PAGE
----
Defensive asylum is a form of protection offered to people who have fled their home country because of persecution based on race, religion, nationality, membership in a particular social group, or political opinion. In the United States, asylum seekers may apply for asylum on a defensive basis when they are in deportation proceedings.
Affirmative asylum, on the other hand, is a way to apply for asylum directly to immigration authorities without being in deportation proceedings. Individuals seeking affirmative asylum must demonstrate that they meet the same requirements as defensive asylum, i.e., that they have suffered persecution or fear persecution in their home country for one of the reasons mentioned above.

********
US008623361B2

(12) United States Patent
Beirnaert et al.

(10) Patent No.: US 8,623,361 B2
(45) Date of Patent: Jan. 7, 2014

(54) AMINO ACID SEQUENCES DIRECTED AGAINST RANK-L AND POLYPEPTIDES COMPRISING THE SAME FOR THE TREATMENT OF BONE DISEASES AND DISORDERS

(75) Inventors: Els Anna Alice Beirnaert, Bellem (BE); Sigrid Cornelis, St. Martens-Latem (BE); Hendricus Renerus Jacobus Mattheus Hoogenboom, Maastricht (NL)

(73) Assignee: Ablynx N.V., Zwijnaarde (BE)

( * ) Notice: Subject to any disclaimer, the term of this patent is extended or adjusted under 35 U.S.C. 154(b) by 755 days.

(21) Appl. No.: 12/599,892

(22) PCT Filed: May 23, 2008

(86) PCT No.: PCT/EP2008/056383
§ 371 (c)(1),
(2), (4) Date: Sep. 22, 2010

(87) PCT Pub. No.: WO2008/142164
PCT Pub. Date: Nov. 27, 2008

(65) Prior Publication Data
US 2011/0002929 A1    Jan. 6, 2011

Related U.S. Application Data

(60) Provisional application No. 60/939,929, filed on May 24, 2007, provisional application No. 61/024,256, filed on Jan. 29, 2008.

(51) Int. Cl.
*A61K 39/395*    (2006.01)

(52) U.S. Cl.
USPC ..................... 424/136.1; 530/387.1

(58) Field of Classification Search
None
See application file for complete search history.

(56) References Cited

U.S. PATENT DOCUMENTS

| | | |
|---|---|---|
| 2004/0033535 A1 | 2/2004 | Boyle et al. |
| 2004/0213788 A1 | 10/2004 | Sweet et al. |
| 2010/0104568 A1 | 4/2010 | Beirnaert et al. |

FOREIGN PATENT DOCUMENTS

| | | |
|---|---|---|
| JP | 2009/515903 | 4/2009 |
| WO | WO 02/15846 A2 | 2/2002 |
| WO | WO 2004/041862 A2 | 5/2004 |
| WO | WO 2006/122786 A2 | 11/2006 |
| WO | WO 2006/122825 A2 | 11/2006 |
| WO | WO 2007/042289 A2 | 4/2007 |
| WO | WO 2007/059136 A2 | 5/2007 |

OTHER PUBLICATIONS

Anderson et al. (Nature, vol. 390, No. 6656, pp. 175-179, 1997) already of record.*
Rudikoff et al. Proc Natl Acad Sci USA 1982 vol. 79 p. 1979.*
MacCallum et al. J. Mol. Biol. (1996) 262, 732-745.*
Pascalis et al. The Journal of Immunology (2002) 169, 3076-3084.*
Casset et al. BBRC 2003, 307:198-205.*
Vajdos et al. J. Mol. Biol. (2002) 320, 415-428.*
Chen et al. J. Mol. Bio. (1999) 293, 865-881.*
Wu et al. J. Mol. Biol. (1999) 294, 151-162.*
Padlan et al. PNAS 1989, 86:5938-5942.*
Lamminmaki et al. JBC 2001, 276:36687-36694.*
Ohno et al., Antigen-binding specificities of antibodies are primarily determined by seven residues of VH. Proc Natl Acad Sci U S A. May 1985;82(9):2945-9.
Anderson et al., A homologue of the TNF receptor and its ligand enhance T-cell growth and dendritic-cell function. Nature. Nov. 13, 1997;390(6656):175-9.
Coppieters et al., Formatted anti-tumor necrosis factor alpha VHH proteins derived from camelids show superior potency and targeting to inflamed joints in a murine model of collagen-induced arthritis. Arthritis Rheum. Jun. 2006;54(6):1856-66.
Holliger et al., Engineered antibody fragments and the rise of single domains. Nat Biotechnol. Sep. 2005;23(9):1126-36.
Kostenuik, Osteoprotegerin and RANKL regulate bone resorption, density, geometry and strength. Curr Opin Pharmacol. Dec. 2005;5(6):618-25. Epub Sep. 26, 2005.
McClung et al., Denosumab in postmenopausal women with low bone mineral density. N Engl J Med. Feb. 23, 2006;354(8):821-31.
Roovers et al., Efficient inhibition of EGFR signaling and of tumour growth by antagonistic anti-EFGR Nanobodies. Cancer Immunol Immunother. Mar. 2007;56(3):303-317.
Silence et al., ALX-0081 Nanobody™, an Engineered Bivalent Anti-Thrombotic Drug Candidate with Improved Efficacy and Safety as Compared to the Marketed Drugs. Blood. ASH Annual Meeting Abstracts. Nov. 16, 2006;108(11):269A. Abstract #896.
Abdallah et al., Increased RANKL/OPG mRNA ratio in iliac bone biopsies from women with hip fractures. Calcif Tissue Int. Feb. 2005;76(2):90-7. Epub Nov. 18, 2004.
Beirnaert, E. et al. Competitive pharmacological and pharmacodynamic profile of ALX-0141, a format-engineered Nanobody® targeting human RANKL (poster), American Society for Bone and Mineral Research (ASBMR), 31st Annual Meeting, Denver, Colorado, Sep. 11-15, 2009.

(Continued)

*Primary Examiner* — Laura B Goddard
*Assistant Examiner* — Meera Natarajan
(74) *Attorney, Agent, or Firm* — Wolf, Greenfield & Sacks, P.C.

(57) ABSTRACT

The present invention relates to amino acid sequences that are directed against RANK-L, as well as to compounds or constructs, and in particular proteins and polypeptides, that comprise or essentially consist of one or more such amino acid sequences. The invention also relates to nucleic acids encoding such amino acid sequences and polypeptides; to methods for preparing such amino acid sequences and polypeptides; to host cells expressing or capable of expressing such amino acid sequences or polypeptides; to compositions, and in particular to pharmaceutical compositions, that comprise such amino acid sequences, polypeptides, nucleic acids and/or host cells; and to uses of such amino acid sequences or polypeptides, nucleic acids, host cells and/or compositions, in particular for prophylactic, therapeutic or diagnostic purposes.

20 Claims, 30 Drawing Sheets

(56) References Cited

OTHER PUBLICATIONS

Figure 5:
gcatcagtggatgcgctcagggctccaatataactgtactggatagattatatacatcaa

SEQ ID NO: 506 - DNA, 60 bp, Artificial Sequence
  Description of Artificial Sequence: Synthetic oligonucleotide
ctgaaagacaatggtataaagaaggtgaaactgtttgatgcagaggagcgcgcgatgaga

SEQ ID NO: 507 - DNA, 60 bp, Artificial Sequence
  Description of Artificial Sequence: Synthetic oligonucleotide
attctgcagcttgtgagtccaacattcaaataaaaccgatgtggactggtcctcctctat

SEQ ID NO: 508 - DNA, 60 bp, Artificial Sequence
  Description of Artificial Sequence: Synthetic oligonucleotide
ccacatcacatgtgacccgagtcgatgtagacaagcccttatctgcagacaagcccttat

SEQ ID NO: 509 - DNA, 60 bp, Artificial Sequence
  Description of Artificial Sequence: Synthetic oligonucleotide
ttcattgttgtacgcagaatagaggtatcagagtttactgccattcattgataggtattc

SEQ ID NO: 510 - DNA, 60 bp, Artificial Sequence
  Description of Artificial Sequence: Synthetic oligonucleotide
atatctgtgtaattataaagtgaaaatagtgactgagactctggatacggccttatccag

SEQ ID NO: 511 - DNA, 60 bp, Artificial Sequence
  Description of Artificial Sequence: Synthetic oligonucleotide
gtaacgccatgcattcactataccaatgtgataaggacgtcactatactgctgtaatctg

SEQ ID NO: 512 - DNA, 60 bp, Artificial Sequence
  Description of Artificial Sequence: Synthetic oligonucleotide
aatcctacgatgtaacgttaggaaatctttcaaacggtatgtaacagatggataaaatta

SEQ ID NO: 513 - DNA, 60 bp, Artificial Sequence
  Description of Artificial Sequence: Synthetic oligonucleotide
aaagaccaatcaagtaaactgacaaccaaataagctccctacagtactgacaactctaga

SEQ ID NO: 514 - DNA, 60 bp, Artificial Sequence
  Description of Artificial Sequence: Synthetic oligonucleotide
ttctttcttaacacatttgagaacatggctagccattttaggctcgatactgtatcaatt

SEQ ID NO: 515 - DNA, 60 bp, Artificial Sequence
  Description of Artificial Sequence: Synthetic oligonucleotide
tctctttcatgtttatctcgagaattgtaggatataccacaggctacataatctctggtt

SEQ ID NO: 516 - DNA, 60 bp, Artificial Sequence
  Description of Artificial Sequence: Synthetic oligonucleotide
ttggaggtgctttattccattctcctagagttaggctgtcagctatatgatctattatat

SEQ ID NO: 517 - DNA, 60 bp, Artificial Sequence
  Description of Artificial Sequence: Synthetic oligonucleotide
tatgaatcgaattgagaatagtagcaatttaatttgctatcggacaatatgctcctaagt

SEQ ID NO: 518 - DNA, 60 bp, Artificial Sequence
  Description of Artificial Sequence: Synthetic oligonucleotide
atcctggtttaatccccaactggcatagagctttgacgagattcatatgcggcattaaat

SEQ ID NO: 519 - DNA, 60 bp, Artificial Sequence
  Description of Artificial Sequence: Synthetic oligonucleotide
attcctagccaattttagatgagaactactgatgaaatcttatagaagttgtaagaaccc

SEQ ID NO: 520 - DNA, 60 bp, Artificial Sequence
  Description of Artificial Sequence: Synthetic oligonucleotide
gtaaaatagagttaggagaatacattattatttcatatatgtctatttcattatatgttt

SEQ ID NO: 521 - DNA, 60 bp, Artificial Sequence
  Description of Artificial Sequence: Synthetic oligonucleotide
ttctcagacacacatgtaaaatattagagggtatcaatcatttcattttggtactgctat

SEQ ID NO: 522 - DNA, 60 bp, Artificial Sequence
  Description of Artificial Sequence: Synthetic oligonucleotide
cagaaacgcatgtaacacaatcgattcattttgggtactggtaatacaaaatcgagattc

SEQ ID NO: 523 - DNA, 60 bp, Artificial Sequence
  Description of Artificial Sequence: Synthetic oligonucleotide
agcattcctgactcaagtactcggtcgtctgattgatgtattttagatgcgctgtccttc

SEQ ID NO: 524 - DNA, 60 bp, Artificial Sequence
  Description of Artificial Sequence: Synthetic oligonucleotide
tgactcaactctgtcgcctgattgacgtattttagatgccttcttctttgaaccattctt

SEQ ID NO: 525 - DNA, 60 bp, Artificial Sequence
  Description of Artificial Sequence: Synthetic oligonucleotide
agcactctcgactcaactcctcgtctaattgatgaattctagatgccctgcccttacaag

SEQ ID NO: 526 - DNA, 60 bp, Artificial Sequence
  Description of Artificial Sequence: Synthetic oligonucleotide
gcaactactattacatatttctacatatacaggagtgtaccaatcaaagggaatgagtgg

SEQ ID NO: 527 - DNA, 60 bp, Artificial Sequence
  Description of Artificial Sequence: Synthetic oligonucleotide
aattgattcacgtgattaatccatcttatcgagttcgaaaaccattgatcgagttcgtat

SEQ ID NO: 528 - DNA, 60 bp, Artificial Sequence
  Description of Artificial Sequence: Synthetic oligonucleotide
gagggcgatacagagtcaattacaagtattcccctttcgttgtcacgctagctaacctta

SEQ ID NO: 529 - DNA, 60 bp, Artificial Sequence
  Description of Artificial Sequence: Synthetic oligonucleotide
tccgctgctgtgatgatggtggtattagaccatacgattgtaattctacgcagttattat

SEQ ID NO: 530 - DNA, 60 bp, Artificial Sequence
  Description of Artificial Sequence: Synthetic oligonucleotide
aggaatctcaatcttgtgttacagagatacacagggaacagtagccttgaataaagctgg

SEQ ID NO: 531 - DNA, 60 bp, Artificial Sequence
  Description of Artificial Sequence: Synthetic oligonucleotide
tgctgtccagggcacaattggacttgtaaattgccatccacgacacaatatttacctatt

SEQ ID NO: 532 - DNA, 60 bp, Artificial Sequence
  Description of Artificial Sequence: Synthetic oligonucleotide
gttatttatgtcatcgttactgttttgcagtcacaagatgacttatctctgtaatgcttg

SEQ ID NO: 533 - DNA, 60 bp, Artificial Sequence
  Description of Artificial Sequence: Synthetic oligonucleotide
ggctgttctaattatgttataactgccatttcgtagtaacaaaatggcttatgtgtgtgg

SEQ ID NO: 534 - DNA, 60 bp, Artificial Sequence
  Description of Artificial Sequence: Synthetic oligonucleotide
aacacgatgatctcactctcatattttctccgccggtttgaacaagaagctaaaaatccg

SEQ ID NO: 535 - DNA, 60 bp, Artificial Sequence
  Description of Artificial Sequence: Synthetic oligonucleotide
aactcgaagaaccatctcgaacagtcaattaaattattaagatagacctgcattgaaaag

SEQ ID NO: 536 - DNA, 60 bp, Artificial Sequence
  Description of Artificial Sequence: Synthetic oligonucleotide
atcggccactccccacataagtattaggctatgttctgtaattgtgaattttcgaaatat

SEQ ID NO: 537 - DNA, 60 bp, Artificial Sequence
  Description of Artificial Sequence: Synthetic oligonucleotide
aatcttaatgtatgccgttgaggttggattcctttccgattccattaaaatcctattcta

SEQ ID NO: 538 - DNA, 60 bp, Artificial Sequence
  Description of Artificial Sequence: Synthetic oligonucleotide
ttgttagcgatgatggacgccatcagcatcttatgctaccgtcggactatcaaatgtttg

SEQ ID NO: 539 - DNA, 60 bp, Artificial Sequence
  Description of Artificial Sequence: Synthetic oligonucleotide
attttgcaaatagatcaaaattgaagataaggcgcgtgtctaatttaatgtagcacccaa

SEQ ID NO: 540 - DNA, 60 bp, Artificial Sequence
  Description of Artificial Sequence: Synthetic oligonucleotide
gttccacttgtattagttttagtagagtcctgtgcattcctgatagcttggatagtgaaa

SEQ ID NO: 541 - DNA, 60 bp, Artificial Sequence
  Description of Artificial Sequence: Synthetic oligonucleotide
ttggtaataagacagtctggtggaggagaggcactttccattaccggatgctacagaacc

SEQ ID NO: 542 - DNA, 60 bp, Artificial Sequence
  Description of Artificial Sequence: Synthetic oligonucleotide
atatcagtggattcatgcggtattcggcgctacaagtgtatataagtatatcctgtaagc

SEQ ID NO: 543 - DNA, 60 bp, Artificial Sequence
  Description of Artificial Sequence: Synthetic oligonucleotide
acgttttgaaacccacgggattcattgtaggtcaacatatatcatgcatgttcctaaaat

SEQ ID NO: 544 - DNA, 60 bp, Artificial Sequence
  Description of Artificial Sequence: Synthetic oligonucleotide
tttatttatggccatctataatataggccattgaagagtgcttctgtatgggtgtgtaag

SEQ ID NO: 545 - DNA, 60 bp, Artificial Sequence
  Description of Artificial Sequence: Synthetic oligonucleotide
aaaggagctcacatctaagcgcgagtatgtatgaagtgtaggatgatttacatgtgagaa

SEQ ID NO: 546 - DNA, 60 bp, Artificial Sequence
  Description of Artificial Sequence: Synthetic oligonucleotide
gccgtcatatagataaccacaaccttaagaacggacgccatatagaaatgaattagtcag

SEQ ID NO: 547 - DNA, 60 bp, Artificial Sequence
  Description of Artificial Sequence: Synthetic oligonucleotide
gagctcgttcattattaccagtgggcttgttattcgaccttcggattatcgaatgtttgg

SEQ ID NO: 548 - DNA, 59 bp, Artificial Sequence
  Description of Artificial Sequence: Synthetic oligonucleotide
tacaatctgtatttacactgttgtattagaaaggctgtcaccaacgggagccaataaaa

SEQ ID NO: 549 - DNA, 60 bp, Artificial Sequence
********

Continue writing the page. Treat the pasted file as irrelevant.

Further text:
The main difference between defensive asylum and affirmative asylum is the timing of the application. Defensive asylum is applied for during a deportation proceeding, while affirmative asylum is applied for independently. It is important to note that in order to apply for asylum, whether affirmative or defensive, the applicant has one year from the date of entry into the United States to submit his or her application, otherwise, with certain exceptions, he or she would lose the opportunity to apply for asylum.
In summary, defensive asylum and affirmative asylum are forms of protection for persons who have fled their home country due to persecution. The main difference between the two is the timing of the application and the circumstances under which the application is made.
If you have questions about political asylum in the United States, contact us to schedule a legal consultation.